In late May, Equality Minister Katarzyna Kotula said the coalition government would decide on a joint approach only after European Parliament elections, which took place last weekend.

People attend the 'Equality Parade' rally in support of the LGBT community, in Warsaw, Poland June 19, 2021. REUTERS/Kacper Pempel

People attend the "Equality Parade" rally in support of the LGBT community, in Warsaw, Poland June 19, 2021. REUTERS/Kacper Pempel

People attend the "Equality Parade" rally in support of the LGBT community, in Warsaw, Poland June 19, 2021. REUTERS/Kacper Pempel

Cautious optimism

The new government's proposals have led to cautious optimism among rights activists but incensed the political right and some Roman Catholic groups.

LGBTQ+ Poles currently have limited legal options to challenge harassment or attacks. In Czyczerski's case, two of his three attackers were convicted of assault and robbery, but the court ignored the homophobia he says was responsible for the incident.

"The proposed legislation would make an enormous difference," said Mateusz Wrotny, an LGBTQ+ rights and privacy activist from southwestern Poland.

"It would clearly signal that attacks on LGBTQ+ people are not random, that these people are targeted on the basis of specific characteristics."

Both Wrotny and Jacek Jasionek, a lawyer who works with Polish LGBTQ+ rights group Tolerado, said the proposals marked a huge shift in Poland, where top officials in the PiS government publicly decried "LGBT ideology" as a danger to families, and mocked gay and trans people.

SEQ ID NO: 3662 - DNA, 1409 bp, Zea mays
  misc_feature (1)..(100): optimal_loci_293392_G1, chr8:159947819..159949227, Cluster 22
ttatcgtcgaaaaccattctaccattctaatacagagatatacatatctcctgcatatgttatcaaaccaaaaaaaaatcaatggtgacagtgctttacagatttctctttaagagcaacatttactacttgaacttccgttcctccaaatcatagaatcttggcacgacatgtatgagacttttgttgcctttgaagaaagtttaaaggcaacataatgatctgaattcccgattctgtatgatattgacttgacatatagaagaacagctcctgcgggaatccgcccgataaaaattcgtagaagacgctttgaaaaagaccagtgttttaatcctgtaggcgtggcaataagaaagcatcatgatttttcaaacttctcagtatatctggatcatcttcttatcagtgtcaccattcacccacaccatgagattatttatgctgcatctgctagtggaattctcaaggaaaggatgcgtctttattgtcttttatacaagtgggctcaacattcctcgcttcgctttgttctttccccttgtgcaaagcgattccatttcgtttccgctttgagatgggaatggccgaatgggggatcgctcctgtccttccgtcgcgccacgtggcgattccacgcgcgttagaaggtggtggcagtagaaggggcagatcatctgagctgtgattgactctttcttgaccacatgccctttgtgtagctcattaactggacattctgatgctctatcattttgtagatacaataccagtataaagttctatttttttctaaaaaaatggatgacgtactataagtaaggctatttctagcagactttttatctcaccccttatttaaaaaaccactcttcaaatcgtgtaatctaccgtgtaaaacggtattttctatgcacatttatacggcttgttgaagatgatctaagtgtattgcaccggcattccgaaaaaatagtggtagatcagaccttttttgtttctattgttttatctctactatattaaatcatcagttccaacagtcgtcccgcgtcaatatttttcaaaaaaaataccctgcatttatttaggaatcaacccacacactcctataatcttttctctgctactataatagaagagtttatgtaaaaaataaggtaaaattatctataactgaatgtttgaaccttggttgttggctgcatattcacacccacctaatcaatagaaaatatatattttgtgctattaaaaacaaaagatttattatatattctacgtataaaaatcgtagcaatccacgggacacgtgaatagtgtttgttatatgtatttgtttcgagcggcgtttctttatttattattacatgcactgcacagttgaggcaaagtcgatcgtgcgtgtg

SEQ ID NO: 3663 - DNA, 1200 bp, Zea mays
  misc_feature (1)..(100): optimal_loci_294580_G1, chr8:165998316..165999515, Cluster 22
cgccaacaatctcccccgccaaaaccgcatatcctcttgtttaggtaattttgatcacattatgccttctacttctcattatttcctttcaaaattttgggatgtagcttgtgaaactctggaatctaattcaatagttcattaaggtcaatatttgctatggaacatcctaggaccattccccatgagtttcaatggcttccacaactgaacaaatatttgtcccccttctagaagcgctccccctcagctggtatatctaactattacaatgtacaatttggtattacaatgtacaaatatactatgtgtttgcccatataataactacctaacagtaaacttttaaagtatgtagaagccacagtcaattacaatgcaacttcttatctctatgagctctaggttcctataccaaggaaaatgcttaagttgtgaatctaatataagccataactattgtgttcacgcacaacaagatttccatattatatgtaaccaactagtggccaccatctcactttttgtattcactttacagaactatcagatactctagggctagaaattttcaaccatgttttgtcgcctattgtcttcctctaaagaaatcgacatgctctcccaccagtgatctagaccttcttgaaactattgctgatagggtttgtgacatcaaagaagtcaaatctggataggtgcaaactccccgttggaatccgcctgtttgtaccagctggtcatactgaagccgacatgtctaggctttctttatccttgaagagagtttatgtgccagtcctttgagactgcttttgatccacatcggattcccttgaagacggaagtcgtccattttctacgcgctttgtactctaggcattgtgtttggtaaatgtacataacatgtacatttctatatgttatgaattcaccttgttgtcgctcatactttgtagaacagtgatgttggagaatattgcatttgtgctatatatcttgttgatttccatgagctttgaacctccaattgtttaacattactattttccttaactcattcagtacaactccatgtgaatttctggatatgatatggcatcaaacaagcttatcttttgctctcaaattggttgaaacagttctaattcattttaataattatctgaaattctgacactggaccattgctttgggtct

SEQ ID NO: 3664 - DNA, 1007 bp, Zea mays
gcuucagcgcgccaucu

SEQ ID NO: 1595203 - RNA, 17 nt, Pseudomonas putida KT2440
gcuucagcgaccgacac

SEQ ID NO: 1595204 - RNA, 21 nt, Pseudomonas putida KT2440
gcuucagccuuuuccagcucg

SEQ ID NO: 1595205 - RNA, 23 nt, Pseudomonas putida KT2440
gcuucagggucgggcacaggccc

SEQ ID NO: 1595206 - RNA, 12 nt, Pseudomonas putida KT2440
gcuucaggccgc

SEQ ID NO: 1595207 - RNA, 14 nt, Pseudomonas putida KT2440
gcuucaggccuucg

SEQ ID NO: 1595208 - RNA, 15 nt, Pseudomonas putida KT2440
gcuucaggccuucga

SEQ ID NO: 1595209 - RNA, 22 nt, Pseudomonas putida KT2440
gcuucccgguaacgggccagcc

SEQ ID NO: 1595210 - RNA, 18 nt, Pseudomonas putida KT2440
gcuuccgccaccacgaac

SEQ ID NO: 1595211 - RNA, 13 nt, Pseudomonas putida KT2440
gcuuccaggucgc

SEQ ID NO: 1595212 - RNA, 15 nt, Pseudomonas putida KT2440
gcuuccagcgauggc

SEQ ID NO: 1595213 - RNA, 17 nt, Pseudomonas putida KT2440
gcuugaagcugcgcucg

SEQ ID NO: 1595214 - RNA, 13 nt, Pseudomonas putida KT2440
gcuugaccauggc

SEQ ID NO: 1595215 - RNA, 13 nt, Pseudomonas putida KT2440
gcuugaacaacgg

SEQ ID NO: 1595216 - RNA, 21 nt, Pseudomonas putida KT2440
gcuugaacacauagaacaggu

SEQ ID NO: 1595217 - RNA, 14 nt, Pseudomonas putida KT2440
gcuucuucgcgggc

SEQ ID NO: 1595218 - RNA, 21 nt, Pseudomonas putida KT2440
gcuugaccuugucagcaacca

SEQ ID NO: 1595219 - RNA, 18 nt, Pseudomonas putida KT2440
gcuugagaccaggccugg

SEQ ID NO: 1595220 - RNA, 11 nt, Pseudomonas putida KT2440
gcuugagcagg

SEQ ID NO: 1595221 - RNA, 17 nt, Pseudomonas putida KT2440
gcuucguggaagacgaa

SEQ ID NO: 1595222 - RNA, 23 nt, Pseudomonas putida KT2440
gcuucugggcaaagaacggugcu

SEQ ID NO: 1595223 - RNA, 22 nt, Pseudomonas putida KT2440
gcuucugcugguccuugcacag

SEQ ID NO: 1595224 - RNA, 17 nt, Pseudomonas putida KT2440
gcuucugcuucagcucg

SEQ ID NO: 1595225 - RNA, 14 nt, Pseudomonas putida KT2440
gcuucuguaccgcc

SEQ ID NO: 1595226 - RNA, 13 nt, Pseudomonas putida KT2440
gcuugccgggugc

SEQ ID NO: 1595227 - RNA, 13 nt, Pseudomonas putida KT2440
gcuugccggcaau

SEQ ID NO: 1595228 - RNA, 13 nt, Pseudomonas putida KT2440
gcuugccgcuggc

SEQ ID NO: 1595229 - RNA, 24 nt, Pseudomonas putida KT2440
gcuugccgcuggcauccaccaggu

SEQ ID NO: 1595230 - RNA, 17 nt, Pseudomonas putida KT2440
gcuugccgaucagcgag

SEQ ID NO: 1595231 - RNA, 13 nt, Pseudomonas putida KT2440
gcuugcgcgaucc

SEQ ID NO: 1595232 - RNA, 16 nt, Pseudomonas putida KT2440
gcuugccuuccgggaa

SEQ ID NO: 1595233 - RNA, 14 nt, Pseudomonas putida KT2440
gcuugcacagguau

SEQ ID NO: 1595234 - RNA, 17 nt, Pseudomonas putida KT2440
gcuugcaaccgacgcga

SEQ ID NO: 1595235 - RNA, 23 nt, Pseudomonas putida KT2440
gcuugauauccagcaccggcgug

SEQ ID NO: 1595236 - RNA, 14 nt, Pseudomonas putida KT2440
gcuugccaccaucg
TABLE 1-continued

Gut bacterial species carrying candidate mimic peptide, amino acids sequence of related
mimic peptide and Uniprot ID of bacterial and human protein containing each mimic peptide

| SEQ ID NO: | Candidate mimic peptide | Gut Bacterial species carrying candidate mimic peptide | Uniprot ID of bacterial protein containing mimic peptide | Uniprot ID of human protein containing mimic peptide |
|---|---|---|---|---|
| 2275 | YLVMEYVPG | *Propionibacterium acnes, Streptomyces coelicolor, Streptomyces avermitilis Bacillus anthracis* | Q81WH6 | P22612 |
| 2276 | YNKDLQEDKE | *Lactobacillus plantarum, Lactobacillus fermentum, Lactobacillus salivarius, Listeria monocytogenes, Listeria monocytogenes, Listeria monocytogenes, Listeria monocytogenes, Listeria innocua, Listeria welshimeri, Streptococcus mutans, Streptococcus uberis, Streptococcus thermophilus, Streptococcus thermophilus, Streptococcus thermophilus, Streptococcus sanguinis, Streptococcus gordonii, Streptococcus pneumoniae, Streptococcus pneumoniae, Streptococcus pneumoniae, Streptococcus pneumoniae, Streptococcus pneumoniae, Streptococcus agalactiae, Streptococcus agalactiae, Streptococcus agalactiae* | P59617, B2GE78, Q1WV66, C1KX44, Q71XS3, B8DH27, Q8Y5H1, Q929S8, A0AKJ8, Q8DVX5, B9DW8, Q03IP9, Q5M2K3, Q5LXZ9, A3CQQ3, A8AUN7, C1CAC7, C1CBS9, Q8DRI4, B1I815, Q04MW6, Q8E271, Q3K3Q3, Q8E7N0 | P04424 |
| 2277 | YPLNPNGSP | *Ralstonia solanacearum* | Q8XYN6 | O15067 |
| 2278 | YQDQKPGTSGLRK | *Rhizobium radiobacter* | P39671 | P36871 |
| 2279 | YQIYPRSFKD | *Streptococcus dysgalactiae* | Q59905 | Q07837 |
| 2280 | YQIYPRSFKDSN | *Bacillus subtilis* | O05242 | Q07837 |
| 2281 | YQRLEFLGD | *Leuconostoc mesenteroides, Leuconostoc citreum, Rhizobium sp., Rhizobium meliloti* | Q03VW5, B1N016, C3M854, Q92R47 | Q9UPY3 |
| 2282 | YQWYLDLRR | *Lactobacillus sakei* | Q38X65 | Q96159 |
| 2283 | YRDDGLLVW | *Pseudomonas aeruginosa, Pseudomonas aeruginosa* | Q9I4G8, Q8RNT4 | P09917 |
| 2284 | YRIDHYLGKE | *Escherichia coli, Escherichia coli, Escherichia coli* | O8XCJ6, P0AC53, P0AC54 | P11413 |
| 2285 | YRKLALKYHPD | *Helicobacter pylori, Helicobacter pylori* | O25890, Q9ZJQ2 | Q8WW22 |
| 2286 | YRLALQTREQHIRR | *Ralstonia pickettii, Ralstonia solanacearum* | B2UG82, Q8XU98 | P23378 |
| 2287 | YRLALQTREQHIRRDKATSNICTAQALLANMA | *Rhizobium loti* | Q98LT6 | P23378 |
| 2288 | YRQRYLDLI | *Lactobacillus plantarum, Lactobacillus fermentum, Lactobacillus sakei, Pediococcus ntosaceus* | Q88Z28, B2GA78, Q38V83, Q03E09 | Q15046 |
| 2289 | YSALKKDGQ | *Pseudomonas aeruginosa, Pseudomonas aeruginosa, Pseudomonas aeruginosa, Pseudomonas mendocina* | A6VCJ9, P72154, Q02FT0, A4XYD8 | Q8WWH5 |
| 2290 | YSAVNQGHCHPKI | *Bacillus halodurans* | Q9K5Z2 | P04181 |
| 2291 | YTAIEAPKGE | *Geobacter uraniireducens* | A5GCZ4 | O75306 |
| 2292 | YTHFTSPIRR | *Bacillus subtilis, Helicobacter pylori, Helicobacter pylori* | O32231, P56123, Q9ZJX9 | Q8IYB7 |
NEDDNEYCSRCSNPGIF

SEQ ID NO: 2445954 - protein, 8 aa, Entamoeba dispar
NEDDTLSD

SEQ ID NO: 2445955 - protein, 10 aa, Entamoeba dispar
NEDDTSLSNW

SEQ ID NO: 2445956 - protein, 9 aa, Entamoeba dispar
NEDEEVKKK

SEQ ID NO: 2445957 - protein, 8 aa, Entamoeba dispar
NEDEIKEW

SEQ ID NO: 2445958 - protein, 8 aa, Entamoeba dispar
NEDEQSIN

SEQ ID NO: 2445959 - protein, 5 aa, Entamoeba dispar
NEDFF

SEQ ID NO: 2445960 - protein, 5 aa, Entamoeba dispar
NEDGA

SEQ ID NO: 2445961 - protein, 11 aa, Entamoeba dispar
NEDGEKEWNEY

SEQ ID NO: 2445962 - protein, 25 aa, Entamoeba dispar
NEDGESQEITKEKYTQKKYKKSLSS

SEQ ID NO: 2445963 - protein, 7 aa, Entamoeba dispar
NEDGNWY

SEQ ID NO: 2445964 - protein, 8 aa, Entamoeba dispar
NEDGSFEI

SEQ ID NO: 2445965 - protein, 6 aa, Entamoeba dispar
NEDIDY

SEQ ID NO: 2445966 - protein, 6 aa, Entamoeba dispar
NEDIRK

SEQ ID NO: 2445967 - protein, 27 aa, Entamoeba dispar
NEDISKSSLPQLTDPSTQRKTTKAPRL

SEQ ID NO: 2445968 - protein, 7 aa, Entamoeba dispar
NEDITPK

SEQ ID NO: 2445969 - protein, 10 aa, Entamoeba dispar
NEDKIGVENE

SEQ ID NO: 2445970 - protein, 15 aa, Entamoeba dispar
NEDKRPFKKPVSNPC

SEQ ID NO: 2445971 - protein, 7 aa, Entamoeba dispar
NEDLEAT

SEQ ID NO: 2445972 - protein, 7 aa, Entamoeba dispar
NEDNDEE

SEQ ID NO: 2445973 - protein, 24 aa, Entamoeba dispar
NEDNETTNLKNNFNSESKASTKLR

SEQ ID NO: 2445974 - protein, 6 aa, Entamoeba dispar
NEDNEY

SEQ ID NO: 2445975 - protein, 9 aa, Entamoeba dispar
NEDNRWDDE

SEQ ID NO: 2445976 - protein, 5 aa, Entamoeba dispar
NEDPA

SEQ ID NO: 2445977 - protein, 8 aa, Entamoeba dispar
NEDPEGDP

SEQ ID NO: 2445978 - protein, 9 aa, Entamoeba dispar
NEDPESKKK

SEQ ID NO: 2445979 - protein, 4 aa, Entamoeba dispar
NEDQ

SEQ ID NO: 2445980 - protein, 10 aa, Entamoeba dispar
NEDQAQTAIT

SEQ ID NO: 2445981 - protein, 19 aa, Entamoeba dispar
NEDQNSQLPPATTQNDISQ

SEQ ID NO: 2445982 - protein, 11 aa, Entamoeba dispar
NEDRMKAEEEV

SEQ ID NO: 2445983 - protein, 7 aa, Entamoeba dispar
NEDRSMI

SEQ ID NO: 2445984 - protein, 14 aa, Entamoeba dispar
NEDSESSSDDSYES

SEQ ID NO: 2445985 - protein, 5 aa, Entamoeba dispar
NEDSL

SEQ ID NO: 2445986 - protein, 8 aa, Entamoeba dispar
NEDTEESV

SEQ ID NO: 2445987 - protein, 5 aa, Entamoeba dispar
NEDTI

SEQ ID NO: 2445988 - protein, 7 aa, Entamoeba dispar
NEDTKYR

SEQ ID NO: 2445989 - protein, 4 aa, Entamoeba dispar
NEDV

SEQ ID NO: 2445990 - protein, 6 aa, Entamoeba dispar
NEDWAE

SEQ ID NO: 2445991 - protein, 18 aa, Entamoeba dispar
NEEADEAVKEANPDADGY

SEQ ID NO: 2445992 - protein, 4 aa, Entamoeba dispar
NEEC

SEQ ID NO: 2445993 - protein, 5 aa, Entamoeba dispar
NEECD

A wave of anti-LGBTQ+ resolutions by local councils swept the country in 2019 and 2020, although most were subsequently repealed, often after the EU threatened to withhold funding.

Karolina Gierdal, a Warsaw-based lawyer who regularly represents LGBTQ+ Poles in court, said the proposed laws might help temper public debate.

"[People] hope that, fearing criminal liability, people who have been using hateful rhetoric in public debate will modify it, will at least tone down their remarks," she said.       

Amending the Criminal Code would also mean that victims of homophobia would not have to bring or argue private cases, Jasionek said, a costly process that can take years.

Jasionek helped secure a landmark defamation conviction last year against the head of ultra-conservative group Pro-Right to Life Foundation after it broadcast graphic anti-LGBTQ+ messages in cities using dozens of vans.

Jasionek said it had taken five years to get the courts to sanction the foundation's chairman, Mariusz Dzierżawski.

A court in the northern city of Gdańsk found the messages broadcast by the vans were untrue, aimed to divide society, and that individual members of the group targeted had the right to seek legal protection. The ruling was upheld on appeal in January.

Before that, however, Jasionek and his fellow plaintiffs found themselves responding to long courtroom speeches by the defendant that depicted LGBTQ+ people as depraved and dangerous.